OSV: But of course that’s false. As you point out in the book, fathers are critically important in every aspect of their daughters’ development.
Meeker: Exactly. Dad is the key figure in the formation of a healthy identity. Sports don’t make a girl feel better about herself. Academics don’t make her feel better about herself. Excelling at gymnastics, dance, art, none of that makes her feel better about herself. What makes her feel better about herself is the belief that her dad likes who she is and takes the time to want to be with her. If a daughter sees that her dad believes she’s smart, valuable and beautiful, that’s what she starts to believe about herself, and that’s who she becomes.
OSV: That’s especially true when it comes to her sexual identity, right?
Meeker: Yes. When a dad is involved and giving her the attention and affection she needs, a daughter feels good about herself and takes care of herself. If he doesn’t do that, she doesn’t believe she’s valuable and is more likely to throw herself away on any guy because she wants male attention. Girls in their teen years aren’t sexually active for the physical payoff. They’re sexually active because they crave male attention. For girls who spend time with their dad and get positive affection from him, the risk of getting sexually active in the teen years plummets. There’s a clear correlation between the two.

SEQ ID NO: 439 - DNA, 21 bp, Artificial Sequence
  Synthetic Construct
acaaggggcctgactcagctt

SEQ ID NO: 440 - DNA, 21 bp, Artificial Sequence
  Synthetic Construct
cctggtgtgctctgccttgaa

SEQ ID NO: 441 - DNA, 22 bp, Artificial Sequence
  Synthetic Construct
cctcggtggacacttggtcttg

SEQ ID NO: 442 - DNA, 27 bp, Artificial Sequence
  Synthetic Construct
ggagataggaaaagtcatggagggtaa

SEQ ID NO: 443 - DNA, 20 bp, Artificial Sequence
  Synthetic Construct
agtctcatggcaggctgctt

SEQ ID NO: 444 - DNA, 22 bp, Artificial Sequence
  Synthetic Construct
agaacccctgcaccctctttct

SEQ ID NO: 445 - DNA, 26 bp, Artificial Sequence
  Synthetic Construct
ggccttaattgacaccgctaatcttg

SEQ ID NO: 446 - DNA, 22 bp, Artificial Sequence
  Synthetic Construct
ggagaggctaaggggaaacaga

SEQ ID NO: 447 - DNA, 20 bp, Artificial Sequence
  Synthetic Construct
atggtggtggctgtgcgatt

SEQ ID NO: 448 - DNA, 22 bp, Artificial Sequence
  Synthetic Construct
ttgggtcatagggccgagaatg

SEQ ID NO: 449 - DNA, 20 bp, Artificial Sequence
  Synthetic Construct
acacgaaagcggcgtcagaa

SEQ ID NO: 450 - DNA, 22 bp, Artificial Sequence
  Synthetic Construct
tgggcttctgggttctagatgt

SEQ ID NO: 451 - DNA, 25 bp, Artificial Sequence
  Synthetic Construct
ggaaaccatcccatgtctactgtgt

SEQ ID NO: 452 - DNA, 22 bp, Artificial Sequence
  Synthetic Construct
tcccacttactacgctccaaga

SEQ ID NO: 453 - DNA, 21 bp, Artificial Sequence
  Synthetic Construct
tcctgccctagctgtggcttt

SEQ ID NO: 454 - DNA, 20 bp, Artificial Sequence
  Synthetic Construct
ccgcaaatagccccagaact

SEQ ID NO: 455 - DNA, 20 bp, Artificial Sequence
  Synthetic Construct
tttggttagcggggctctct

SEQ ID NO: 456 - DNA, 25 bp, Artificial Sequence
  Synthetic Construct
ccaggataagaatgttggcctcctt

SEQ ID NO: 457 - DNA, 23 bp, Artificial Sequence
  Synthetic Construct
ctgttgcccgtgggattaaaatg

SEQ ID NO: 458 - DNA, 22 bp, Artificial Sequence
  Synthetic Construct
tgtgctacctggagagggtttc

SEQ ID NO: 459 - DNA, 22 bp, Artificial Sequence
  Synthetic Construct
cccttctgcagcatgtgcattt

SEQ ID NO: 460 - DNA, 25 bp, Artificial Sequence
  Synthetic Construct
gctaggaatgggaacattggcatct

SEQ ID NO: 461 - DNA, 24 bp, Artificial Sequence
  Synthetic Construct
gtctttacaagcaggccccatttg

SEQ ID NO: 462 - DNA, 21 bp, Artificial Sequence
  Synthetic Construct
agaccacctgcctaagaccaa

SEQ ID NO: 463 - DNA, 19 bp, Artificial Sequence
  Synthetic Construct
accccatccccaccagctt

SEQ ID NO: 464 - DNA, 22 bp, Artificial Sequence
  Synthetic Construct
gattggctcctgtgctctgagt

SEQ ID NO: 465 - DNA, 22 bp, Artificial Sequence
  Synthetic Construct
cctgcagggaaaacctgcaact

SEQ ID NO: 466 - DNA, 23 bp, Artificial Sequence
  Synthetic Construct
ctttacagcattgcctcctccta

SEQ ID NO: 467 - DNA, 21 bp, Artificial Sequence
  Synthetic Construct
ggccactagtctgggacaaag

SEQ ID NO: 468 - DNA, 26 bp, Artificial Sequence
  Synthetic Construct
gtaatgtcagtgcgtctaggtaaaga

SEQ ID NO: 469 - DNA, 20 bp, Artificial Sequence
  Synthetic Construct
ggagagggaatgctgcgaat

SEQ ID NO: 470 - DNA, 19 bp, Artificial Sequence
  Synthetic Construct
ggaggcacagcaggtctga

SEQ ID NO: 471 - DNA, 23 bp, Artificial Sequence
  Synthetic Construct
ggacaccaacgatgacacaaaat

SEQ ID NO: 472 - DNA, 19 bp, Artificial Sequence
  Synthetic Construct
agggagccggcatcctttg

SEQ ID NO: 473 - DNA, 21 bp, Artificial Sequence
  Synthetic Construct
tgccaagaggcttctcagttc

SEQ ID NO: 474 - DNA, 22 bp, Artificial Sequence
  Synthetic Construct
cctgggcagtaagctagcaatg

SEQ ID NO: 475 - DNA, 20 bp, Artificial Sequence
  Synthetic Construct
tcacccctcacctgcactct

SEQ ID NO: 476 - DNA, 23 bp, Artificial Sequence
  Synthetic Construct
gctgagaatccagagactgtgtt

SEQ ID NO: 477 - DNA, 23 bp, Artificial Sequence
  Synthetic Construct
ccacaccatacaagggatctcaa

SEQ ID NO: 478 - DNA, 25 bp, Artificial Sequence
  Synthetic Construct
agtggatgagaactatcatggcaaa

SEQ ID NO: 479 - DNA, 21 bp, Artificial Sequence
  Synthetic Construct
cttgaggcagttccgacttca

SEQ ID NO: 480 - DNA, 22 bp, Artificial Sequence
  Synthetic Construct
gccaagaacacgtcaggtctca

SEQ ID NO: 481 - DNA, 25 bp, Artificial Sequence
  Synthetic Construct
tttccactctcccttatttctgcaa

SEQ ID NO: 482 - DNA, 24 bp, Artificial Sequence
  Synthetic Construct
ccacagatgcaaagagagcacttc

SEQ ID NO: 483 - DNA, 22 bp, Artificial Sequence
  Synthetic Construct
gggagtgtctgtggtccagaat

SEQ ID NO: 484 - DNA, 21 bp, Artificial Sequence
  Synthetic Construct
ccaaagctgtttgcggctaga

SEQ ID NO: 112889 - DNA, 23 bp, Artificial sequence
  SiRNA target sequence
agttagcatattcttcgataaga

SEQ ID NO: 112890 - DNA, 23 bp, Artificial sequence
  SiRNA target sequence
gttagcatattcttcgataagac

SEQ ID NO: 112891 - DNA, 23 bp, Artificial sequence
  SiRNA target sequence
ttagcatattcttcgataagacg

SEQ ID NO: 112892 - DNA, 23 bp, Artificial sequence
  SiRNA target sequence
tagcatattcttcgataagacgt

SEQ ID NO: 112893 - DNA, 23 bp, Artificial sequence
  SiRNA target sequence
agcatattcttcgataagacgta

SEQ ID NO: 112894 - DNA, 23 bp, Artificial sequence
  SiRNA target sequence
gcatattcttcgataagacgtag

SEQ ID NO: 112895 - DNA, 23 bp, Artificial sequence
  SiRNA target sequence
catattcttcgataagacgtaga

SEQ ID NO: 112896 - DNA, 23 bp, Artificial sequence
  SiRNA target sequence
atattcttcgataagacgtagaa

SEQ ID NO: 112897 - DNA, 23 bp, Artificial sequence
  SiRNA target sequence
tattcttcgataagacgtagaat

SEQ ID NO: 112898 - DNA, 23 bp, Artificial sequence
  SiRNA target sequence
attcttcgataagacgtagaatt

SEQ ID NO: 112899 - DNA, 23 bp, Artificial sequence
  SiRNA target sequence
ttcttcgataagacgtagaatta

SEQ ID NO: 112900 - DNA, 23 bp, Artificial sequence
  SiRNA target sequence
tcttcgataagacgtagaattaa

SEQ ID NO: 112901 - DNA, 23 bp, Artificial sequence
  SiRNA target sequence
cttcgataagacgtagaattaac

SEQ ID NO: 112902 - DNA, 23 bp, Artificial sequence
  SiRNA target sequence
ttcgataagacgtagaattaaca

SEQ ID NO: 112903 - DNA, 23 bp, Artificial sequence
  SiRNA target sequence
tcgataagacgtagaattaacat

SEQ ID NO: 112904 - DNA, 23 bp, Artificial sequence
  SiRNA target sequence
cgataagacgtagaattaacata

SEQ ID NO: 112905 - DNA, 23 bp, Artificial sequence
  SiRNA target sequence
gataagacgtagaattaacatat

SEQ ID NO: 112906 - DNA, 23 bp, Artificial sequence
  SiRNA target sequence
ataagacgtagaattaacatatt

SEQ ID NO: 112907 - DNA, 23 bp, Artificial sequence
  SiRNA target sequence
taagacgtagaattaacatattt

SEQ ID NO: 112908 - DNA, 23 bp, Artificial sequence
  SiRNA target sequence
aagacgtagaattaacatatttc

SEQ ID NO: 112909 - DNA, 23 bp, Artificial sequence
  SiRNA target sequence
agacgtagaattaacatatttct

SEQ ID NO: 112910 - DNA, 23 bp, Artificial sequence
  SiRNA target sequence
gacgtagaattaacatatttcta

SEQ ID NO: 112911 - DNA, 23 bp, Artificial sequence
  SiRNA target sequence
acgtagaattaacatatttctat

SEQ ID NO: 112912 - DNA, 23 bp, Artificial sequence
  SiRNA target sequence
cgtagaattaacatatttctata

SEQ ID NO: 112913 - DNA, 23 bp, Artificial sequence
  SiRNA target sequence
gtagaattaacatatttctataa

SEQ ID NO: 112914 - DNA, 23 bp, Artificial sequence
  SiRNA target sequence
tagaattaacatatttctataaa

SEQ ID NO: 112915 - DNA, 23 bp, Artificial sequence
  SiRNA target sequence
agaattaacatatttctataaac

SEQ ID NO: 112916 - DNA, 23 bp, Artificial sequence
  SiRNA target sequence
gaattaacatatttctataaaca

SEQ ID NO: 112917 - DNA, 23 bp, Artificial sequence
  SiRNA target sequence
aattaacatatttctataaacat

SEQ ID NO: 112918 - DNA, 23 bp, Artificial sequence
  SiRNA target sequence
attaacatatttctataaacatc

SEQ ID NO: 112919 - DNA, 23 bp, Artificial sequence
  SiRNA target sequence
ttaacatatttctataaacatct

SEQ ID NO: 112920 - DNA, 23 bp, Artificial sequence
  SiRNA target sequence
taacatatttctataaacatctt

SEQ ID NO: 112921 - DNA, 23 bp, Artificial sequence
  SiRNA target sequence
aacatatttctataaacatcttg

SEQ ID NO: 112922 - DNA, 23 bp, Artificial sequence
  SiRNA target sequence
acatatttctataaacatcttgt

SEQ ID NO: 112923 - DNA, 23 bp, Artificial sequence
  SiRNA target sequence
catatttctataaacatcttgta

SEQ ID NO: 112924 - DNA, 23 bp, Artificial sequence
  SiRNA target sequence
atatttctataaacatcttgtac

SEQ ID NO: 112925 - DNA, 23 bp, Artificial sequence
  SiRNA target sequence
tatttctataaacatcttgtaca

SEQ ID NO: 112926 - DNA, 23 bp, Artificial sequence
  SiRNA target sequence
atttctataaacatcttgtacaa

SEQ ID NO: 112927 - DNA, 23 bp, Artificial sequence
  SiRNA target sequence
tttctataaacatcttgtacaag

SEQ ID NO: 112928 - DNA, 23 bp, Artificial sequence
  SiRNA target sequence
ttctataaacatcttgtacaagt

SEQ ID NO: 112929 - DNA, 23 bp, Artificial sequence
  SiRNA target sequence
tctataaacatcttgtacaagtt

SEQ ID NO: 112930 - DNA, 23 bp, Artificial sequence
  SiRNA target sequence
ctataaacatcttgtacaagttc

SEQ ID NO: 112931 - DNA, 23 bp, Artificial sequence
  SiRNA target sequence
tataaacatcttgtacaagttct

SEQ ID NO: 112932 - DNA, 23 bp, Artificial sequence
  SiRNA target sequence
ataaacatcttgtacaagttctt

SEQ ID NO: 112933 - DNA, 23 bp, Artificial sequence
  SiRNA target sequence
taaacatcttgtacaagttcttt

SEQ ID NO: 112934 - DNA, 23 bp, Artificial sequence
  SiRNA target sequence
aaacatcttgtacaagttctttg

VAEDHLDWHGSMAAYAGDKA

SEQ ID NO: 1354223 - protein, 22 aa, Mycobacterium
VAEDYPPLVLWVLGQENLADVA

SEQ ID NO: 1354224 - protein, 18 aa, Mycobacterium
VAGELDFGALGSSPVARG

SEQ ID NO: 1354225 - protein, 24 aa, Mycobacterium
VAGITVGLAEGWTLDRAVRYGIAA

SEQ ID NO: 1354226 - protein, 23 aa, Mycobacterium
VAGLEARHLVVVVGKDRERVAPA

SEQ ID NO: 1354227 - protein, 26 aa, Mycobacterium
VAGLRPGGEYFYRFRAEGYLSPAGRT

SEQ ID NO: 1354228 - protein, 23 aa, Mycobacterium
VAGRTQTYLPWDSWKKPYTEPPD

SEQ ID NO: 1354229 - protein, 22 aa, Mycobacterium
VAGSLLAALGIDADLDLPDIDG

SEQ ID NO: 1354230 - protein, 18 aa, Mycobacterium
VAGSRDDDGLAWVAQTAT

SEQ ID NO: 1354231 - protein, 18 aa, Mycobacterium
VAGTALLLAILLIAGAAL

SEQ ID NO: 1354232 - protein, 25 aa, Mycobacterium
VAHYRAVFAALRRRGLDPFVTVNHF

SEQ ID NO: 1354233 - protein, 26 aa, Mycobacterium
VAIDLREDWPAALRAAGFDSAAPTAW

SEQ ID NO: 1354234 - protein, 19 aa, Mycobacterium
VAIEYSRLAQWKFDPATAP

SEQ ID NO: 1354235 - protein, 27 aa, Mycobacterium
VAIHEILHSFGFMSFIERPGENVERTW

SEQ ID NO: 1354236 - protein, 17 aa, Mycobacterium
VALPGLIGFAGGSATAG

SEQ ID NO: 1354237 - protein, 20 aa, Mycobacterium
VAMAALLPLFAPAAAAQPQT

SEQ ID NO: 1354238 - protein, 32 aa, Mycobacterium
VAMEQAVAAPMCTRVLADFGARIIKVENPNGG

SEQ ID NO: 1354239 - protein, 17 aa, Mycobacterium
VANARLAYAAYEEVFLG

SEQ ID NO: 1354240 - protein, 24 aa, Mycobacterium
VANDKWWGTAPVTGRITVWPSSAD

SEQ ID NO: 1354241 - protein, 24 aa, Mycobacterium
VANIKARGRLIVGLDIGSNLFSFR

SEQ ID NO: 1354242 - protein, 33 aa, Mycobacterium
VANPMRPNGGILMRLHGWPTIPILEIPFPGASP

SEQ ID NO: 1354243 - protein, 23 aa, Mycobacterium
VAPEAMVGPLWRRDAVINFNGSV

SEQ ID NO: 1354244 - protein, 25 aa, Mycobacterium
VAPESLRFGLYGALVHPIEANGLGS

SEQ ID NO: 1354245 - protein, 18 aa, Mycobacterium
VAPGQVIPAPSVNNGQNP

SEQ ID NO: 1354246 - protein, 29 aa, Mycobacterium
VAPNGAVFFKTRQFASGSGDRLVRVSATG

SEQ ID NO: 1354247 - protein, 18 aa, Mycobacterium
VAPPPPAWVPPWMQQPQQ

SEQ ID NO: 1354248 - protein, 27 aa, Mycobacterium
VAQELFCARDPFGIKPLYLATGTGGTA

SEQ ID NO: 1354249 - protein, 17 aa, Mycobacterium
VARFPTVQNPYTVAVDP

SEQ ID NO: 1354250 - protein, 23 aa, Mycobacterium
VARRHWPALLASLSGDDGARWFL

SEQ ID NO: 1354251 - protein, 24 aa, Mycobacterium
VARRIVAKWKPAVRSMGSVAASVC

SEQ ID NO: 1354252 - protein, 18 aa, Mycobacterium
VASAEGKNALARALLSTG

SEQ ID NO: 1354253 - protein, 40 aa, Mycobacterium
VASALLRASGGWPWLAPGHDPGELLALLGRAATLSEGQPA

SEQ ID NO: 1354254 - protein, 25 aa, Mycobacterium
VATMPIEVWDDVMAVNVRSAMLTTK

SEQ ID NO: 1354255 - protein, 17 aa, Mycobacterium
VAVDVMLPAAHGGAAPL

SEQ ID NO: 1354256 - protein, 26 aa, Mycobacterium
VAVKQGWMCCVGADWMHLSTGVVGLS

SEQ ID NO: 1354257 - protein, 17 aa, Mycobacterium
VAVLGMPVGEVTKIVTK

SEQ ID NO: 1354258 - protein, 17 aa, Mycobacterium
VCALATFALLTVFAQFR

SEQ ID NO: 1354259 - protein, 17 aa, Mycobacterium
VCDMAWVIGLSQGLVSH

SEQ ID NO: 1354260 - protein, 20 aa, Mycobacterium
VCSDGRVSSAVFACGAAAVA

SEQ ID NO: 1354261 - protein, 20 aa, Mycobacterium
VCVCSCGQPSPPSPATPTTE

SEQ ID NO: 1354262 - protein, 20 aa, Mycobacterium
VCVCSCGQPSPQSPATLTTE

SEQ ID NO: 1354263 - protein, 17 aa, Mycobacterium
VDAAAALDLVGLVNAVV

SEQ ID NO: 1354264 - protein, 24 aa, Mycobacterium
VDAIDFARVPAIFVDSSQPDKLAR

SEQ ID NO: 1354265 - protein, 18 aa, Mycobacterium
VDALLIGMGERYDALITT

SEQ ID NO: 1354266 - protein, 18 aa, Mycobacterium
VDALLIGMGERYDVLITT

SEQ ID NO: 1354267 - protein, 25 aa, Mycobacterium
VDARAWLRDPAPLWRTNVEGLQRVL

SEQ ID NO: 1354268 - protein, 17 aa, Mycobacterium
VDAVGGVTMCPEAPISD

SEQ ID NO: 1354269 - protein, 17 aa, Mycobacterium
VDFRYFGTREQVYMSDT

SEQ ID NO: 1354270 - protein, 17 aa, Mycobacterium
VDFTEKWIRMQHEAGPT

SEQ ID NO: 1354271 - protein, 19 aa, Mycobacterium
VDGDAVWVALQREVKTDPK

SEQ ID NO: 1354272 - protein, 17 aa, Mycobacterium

OSV: What are two things fathers need to remember about their daughters?
Meeker: First, their daughters want them. Dads don’t realize that a daughter, regardless of age, always wants her dad’s admiration and affection. Dads perceive that girls want new clothes, money or a car, but deep down it’s attention, admiration and affection. Second, daughters are much more open to communicating with their dads than dads realize they are. Men bond through activity, so they’ll say, “Let’s go for a bike ride or a hike.” But daughters are relational people and bond through conversation. Conversation is how she feels closer to her dad, so if the dad makes a regular effort to draw her into a conversation, she’ll respond and it will bring them closer together.